One of them is with Kiki (Linda Fiorentino), Marcy’s roommate. We’re introduced to Kiki in just a bra and a skirt, spattered with paper mache. She’s a sultry contrast to Marcy, who is blonde and innocent-looking.

Kiki (Lina Fiorentino) and Paul (Griffin Dunne)
Continue reading »
Nov 072019
 
Pets playbill from May 1969

In my discussion of Pets, I neglected to mention that it was based on an off-Broadway play. The Temple of Schlock has a post on the history of the original work and its adaptation into film.

Pets was originally three one-act plays, first produced in May 1969, all based on the idea of women being kept as pets.

It’s not surprising that few critics gave PETS a clean bill of health. Newsday‘s George Oppenheimer summed it up by writing, “Mr. Reich has given us three playlets which, to put it kindly, stagger the imagination,” while Daphne Kraft of the Newark Evening News commented, “PETS, the three one-act satchels of emotion which got hurled on the stage of the Provincetown Playhouse last night, suffers from bad dialogue. The plays sizzle like wet firecrackers and make all of life look like exercises in hysteria.” In the Manhattan Tribune, Clayton Riley wrote, “Nothing to recommend but a superb air-conditioning unit at the Provincetown. Doubtless it will outlive, by a good while, Richard Reich’s slender trio.” Worst of all were the opinions of a critic in Cue: “Richard Reich is a playwright who has discovered a fascinating new toy — sadomasochism. So enthralled is he by the S&M mystique of discipline, power, sexual mastery and submission, torture and self-flagellation, that he has written no less than three one-acters in which people cage, whip, stab, and rape each other with gay abandon, all the while pontificating in language duller than an Abnormal Psych textbook.”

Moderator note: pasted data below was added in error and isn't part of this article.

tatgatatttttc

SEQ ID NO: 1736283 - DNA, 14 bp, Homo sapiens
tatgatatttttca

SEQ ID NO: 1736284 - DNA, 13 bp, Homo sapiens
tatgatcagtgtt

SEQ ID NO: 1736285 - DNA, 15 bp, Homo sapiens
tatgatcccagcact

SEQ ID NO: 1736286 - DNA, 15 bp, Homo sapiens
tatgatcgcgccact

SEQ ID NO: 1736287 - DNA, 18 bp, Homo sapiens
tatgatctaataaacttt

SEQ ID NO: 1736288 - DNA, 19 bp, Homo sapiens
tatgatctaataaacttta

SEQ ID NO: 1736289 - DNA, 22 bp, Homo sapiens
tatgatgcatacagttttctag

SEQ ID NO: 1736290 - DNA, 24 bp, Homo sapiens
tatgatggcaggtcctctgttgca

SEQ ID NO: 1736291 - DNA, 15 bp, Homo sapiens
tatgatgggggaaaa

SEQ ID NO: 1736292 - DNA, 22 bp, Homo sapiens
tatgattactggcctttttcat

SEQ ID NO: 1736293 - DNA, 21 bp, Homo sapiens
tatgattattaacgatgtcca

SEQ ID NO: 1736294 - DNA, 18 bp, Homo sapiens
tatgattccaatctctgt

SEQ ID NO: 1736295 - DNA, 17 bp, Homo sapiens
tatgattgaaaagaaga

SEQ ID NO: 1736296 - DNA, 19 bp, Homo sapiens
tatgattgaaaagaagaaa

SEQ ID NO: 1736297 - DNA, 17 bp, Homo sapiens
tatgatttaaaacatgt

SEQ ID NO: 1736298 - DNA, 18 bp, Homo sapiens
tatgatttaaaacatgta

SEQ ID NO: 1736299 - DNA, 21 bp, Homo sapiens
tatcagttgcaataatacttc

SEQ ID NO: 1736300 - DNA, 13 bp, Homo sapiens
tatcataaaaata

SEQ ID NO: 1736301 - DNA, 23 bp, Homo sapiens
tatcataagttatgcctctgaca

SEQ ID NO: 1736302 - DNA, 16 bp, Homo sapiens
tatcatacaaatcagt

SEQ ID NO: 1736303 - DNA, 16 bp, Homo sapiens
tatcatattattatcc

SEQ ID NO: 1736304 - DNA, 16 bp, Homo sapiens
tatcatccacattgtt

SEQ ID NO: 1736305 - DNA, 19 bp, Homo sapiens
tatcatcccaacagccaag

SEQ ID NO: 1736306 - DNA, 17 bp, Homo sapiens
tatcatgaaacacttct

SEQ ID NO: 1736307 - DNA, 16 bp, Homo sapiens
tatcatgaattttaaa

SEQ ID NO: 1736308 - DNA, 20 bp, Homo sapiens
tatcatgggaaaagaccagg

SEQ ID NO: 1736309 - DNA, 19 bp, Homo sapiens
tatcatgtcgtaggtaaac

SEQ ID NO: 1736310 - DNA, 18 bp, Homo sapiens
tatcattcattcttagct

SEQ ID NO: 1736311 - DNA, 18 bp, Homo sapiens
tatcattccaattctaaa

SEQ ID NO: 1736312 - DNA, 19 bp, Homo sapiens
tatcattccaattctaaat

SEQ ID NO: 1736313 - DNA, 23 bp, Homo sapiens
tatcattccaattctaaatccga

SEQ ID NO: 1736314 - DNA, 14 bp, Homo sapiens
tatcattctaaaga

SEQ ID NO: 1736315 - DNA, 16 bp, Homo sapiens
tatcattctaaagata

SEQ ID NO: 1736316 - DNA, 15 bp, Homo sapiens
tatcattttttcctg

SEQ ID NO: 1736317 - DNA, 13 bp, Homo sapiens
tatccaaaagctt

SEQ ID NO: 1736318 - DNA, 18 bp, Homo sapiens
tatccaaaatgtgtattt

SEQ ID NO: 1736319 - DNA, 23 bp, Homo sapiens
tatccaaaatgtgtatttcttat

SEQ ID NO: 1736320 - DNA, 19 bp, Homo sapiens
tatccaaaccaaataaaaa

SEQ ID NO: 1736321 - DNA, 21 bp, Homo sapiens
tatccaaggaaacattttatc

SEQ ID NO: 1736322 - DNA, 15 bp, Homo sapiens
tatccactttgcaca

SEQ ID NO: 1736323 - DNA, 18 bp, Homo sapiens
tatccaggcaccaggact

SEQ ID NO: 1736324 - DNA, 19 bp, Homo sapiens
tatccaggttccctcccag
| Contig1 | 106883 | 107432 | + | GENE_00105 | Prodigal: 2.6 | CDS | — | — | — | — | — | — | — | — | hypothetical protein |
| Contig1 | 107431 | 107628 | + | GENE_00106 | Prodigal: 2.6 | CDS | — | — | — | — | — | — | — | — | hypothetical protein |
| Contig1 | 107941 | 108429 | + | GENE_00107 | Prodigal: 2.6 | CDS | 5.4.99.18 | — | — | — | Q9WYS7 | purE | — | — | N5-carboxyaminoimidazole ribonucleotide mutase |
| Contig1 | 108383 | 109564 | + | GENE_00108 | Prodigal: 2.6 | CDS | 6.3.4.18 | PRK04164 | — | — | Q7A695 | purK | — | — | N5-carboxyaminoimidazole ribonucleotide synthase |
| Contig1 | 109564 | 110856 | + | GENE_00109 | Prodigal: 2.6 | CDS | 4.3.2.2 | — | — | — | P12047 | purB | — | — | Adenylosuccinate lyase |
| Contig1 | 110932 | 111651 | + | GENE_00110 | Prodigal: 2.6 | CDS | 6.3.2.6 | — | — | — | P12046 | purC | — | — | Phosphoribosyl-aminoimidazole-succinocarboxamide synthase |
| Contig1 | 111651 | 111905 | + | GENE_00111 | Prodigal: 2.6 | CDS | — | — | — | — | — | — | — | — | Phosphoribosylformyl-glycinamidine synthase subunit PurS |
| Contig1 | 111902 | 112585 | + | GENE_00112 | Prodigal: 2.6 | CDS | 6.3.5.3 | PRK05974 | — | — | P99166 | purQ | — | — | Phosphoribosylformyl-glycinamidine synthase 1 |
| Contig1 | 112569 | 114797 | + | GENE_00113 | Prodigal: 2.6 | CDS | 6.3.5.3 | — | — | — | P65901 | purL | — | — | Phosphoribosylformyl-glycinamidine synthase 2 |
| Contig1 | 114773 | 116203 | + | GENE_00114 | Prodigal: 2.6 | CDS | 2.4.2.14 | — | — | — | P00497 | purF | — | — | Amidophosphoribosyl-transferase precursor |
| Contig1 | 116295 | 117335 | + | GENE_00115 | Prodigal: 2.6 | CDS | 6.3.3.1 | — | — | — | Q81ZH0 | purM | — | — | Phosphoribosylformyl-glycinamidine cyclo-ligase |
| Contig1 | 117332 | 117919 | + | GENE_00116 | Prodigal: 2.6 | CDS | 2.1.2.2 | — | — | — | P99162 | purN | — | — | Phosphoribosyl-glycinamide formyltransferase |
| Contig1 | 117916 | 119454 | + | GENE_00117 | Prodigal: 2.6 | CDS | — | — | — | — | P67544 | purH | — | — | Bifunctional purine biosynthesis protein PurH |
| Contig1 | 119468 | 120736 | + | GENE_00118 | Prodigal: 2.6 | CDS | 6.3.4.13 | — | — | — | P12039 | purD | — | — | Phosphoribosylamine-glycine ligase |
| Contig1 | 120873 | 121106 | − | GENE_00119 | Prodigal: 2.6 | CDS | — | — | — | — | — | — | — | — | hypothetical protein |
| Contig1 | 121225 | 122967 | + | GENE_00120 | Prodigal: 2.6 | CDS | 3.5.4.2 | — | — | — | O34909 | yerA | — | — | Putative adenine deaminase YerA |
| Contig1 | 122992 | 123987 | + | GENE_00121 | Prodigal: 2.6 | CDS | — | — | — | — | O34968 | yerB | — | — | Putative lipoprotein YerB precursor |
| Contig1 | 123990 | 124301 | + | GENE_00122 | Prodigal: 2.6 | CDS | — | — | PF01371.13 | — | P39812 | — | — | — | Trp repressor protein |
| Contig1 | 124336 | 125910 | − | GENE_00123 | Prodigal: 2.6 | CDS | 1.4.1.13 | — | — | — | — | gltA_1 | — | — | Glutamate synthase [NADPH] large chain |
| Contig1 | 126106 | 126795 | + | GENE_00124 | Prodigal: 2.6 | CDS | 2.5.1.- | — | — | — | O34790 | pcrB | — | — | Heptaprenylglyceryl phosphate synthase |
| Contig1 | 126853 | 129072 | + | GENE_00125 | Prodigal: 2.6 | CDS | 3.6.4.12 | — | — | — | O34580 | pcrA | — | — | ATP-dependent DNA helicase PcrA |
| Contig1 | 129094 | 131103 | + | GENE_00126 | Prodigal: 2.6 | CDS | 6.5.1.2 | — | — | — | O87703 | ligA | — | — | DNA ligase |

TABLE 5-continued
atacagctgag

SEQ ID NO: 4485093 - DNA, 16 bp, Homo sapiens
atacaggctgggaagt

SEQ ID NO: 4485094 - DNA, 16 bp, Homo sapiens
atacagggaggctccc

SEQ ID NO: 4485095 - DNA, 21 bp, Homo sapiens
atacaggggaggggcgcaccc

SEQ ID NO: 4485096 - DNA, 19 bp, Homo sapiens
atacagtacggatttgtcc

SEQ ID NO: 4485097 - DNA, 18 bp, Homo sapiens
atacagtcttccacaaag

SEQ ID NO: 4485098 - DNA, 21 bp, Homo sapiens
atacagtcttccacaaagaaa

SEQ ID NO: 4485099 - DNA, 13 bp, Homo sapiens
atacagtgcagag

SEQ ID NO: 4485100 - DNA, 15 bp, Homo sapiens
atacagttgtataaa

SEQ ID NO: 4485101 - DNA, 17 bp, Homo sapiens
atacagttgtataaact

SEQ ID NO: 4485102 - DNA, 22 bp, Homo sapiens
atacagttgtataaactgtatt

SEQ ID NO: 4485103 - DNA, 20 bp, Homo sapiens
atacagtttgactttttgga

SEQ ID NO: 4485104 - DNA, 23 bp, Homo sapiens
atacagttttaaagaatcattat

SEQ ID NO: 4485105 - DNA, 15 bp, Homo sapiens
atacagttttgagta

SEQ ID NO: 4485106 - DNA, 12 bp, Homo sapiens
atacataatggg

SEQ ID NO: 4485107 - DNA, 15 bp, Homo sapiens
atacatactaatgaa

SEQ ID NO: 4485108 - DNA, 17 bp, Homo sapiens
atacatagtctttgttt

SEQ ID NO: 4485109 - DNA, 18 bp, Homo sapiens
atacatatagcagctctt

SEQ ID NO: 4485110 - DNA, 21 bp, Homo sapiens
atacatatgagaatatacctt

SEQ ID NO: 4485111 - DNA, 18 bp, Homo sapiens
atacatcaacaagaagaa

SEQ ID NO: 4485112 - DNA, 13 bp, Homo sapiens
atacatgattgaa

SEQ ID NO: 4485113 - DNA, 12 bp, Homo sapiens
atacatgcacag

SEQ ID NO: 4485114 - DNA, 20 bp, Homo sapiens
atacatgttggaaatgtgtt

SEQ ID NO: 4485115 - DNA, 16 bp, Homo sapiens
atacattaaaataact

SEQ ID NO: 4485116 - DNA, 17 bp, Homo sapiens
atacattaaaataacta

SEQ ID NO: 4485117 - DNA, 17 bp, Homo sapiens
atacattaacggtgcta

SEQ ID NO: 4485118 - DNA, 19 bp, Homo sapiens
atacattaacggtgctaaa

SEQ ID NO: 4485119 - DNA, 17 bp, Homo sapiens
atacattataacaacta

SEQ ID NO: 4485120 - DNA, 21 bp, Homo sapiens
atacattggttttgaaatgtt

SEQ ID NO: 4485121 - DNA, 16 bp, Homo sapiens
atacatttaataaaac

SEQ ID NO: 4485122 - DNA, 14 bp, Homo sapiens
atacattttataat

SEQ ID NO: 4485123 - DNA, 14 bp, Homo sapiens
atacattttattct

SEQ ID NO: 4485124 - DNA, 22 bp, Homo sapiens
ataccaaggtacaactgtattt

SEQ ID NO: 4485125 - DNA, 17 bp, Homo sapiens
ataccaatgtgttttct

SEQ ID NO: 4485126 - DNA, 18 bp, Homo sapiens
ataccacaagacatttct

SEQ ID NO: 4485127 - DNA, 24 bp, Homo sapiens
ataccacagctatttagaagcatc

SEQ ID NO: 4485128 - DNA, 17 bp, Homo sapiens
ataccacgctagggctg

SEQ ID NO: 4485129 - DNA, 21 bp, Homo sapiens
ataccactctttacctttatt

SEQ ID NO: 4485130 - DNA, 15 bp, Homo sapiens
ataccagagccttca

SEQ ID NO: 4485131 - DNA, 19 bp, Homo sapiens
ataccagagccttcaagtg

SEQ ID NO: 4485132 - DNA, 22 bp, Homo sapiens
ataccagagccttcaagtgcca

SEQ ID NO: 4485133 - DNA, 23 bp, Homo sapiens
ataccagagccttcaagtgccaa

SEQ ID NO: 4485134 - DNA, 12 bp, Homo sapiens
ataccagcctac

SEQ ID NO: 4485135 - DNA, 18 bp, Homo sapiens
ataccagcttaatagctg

The film combined the three young women characters into one character, Bonnie, combined two older women into Geraldine, and added a few other scenes.

Nov 052019
 

Hardcore (IMDB) is a 1979 crime drama film written and directed by Paul Schrader.

The plot is that Jake (George C. Scott), a mid-Western family man and devout Calvinist, searches through the sex work underground for his daughter after she disappears in Los Angeles, then turns up in a porn film.

Hardcore bears a strong resemblance to 8MM. Both are Orpheus narratives: a man descends into the underworld to find a lost loved one. It also taps into the American captivity narrative. It provides an interesting glimpse into the sex work underworld of Los Angeles in the late 1970s. Again, like 8MM, there’s no particular investigation of the people who work in the sex industry. (Somebody did do enough research to drop names like the Mitchell brothers.)

Continue reading »